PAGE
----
JOHAN | 2007-07-22 >>>
"Thrash The Trash"
LP (1990 Supraphon)
Thrash Metal Classic
There's nobody else behind
Arakain's debut but Petr Janda of Olympic. It was him, who got
absorbed by heavy metal at the end of the 80's and pursued his
Rockmapa project. He tried to map the metal scene through vinyl
releases and in 1989 the Supraphon shops showed a number of singles
topped by the LP called "Rockmapa 1". Arakain were on top of their
popularity, so they featured with "Proc?" on the LP as well as two
singles. Besides "Proc?" it was "Amadeus", "Ku-Klux-Klan" and "Orion",
which Arakain recorded in Janda's Propast studio in spring 1988 plus
spring 1989. Only "Amadeus" appeared on the LP "Thrash The Trash", so
I will also cover the three remaining numbers.
"Proc?" was a concert hit at the time. Brichta's text is a statement
of an unacknowledged artist who won't hear "good" advice and despite
the adversity around he is determined to play metal. And thrash metal
to be specific, of which "Proc?" is a textbook example - pulsing drums,
yelling guitars, pounding bass and harsh pissed vocals - this accounts
for the attributes of Arakain anno 1988. The single appeared as late
as 1989, in the same year other 10 songs were recorded. Two of them
appeared on a single, the rest on the LP. The single offers two faces
of the band - the moderate one is embodied in "Orion", the harder on
in "Ku-Klux-Klan", which made the band "famous" in the communist press
„proslavil“ in a nonsense article condemning another band Törr.
"Orion" with the space topic in the lyrics is a midtempo heavy metal,
unlike "Ku-Klux-Klan" which is a vivid thrash song with piercing
vocals and a nice antiracist message.
Recorded in May 1989 the album came out almost a year later. Communist
delivery dates were simply too long, so we got hold of the album after
their fall. The front cover is dominated by a six-finger fist, back
contains a stylised photo of the band members, tracklist and a few
lines of bullshit by Josef Vlcek supposedly defining thrash metal. The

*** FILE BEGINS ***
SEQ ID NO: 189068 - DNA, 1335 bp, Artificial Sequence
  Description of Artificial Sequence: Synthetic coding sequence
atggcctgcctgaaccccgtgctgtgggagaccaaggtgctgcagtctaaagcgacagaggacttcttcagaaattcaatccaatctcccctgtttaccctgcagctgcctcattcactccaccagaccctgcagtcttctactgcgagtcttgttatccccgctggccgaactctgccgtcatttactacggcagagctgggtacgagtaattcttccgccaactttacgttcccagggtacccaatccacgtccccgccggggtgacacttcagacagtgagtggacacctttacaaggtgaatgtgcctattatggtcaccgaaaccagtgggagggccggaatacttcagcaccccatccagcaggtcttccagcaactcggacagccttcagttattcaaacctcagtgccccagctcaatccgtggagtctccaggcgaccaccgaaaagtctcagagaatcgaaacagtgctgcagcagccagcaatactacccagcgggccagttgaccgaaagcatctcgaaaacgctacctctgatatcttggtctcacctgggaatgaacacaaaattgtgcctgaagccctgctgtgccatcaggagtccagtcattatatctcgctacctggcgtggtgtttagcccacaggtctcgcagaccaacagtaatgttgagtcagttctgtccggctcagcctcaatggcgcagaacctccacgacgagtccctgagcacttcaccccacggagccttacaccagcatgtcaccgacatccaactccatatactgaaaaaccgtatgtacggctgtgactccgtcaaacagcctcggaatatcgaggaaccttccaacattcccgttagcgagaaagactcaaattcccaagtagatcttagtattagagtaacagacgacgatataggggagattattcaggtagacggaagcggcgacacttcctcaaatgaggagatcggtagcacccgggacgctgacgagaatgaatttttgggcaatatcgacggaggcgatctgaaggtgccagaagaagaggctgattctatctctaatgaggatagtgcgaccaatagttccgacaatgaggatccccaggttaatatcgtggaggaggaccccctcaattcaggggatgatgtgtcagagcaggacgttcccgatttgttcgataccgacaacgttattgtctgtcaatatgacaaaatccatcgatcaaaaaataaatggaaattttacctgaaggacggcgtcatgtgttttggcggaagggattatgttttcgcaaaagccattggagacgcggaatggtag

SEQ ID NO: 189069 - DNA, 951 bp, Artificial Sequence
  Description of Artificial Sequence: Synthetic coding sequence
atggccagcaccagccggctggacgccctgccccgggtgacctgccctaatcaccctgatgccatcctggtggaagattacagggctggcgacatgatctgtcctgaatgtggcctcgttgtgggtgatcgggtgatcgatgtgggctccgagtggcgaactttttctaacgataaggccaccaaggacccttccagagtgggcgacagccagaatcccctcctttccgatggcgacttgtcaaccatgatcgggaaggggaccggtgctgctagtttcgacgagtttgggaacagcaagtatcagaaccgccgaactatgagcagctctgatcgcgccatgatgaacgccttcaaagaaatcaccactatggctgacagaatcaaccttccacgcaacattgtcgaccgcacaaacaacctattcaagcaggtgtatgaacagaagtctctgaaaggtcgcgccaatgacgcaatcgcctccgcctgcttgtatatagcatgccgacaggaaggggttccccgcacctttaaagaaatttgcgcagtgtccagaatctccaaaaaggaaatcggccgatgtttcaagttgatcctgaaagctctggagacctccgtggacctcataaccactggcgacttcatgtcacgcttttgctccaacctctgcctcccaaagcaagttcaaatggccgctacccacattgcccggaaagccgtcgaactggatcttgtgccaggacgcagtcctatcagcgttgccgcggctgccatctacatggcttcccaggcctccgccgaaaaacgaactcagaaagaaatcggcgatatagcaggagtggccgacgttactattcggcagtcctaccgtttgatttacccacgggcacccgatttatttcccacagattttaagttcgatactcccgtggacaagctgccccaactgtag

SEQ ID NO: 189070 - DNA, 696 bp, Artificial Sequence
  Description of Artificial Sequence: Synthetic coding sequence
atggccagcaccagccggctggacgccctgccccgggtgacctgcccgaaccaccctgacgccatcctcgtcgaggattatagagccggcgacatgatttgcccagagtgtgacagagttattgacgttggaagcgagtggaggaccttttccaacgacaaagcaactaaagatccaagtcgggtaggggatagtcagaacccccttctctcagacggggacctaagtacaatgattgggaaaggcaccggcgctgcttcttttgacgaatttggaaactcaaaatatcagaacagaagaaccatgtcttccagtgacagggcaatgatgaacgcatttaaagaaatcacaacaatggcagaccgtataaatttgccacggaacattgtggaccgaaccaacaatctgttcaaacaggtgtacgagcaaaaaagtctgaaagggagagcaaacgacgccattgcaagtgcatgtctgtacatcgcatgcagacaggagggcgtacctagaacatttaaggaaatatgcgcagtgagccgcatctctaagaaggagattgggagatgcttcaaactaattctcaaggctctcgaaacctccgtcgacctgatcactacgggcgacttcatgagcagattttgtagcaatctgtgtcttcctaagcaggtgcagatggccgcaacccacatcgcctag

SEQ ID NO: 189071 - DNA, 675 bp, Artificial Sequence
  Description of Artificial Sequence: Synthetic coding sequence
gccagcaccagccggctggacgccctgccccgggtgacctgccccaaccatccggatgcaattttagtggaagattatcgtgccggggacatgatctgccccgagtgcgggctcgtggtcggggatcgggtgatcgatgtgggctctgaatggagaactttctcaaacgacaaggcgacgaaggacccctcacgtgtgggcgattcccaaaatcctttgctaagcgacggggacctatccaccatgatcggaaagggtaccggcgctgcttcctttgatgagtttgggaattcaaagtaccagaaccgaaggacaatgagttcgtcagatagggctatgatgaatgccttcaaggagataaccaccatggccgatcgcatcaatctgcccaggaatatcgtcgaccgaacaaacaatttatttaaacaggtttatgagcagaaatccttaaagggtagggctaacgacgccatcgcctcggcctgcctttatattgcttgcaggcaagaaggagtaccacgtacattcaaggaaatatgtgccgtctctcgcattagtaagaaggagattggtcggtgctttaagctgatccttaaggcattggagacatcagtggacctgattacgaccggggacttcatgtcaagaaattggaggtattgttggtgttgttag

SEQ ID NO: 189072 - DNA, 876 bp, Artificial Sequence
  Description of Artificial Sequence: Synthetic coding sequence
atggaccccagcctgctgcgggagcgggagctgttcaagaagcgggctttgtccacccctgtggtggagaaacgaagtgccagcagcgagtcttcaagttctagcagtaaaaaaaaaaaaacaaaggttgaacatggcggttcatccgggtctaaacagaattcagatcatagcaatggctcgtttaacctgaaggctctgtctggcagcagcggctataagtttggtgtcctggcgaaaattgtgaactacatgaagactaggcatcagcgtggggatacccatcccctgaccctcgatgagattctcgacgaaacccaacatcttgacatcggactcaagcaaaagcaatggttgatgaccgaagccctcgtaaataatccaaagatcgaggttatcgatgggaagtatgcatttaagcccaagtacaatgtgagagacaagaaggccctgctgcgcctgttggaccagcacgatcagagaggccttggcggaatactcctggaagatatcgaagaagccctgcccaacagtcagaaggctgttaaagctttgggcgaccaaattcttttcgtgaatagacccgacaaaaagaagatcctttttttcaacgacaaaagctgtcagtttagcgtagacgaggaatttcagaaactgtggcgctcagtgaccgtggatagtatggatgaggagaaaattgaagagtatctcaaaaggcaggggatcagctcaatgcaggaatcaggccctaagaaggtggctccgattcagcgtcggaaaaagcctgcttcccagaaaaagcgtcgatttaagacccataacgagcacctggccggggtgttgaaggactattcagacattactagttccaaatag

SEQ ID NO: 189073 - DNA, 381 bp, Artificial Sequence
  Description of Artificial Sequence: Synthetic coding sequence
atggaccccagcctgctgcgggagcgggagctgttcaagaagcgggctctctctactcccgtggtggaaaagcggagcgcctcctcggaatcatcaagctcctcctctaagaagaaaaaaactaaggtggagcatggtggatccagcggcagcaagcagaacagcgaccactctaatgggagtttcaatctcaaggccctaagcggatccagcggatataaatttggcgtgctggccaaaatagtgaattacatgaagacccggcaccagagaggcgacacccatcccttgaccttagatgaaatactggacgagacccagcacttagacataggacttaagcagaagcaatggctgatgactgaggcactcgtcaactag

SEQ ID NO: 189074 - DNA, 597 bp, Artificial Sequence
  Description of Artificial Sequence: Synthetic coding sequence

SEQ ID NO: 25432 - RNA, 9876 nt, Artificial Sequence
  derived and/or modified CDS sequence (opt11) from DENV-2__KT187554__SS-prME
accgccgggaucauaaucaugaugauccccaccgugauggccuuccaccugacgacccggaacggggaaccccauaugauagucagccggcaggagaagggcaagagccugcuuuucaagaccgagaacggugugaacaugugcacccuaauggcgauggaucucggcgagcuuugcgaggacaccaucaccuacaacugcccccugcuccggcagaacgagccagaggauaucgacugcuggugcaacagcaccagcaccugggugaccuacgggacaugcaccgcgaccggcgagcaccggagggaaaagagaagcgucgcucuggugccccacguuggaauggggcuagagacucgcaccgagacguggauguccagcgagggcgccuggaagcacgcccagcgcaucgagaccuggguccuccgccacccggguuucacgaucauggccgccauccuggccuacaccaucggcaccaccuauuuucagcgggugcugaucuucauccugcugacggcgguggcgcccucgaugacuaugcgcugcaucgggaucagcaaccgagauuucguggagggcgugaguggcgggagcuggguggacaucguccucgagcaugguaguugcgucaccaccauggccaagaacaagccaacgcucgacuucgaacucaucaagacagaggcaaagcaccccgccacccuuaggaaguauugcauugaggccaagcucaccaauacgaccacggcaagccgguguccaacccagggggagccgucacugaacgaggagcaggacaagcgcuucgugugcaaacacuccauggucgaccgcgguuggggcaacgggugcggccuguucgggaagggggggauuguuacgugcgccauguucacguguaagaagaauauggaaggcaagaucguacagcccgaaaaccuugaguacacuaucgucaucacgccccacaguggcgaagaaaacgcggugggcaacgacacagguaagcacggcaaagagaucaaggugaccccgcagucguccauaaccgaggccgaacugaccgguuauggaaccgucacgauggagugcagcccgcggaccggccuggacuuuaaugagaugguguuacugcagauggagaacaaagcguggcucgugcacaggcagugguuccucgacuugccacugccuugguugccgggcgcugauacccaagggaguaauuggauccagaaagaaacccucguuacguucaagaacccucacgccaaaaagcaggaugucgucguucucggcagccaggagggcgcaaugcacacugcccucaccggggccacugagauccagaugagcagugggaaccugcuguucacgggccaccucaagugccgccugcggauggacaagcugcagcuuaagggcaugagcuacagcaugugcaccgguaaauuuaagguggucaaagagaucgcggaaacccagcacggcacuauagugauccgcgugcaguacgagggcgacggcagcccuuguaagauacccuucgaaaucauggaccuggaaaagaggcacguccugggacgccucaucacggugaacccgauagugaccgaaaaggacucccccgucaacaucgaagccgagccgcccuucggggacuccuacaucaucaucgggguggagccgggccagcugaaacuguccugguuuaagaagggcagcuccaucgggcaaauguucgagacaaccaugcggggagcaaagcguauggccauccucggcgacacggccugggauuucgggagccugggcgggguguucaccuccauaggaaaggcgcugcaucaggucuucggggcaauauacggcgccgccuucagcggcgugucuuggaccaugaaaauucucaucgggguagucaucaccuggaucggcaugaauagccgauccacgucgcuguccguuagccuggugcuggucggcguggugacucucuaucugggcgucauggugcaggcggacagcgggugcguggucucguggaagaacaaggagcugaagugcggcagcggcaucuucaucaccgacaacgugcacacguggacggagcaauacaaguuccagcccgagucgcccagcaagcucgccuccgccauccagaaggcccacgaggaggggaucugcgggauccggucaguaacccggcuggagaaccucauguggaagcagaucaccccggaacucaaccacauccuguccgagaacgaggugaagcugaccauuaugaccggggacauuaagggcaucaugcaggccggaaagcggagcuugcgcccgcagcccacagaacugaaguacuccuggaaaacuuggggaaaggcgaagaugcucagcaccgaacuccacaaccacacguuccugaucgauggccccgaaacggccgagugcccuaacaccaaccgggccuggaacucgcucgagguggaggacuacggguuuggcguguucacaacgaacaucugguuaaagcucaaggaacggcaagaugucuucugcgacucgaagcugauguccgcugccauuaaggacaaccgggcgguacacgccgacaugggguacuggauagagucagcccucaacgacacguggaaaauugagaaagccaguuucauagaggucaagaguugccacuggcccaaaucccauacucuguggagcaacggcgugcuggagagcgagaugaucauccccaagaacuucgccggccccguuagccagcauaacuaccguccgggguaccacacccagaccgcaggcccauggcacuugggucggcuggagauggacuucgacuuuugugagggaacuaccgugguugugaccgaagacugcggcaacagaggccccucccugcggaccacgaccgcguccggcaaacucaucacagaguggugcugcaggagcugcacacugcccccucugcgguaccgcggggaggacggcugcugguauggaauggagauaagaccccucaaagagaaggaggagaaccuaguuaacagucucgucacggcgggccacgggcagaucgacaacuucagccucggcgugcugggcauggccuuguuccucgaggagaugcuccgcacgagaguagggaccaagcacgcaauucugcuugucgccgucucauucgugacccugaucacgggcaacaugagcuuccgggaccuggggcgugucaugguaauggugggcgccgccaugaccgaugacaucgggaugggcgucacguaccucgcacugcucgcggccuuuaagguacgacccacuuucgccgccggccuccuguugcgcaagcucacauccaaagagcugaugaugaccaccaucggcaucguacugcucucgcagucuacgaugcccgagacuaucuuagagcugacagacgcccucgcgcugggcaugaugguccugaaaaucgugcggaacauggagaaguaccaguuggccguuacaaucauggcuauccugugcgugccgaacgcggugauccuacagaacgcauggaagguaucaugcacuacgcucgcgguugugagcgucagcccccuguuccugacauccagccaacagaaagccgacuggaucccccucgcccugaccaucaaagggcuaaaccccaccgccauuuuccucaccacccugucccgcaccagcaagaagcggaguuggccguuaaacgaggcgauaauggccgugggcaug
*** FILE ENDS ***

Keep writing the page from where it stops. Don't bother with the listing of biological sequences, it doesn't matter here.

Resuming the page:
definition actually makes me die laughing even today. On the other
hand, the music is still up to date and interesting. Each song a hit.
The initial confession "Thrash The Trash" through the final „Amadeus“
– the record keeps the high standard and is widely recognized as the
best effort of Arakain ever. Some songs still stand out of the high
standard. For me it means the megahits "Šeherezád", "Pán boure", "311.
Perut" and of course "Amadeus". "Šeherezád" features the first ever
oriental inspiration in Czech metal and a lengthy, almost 7 minute
composition offers a range of moods from ballad style to ultrafast
soloing. Storm intro starts the catchy „Pán boure“, celebration of
natural elements, very very fast with a nice second half of the chorus
and another guitar yelling with a number of ideas within four minutes.
The blasting drums make you feel the dark clouds and storm are really
coming. The most serious message is contained in "311. Perut"
dedicated to the memory of Czech pilots participating in the battle of
Britain during WWII. Few might realise this but the song originates in
the totalitarian period which viewed the soldiers of the western front
as enemies of the country, ignored their importance; they became
publicly noticed only after 1989. Arakain did not go beyond the war
scenes. still they deserve respect for the lyrics. Basically, the
lyrics on "Thrash The Trash" appear the most intelligent of all
Arakain albums, no stupidities that they came up with later. The
climax comes with the final "Amadeus", the only song authored by Mirek
Mach. To complete the info on the line-up: Aleš Brichta - vocals,
Jirka Urban - guitar, Zdenek Kub - bassguitar, Daniel Krob - guitar
and Robert Vondrovic - drums. The last two mentioned left for Kreyson
right after the album. Back to „Amadeus“. Heavy and dark riffs, not
unlike e.g. Törr on their "Witchhammer" demo, change into another
drumming blast and guitar wilderness. Aleš switches between two vocal
registers keeping up with the fast thrash tempo and the guitar solo is
one more thing Arakain could contribute with to the textbooks of
The first big Arakain entry was a success and makes a milestone in the
band's rich discography. We could spot some minor issues, like the
sound which could be more clear, Aleš not being clearly understood at
some points, but generally it's a hit!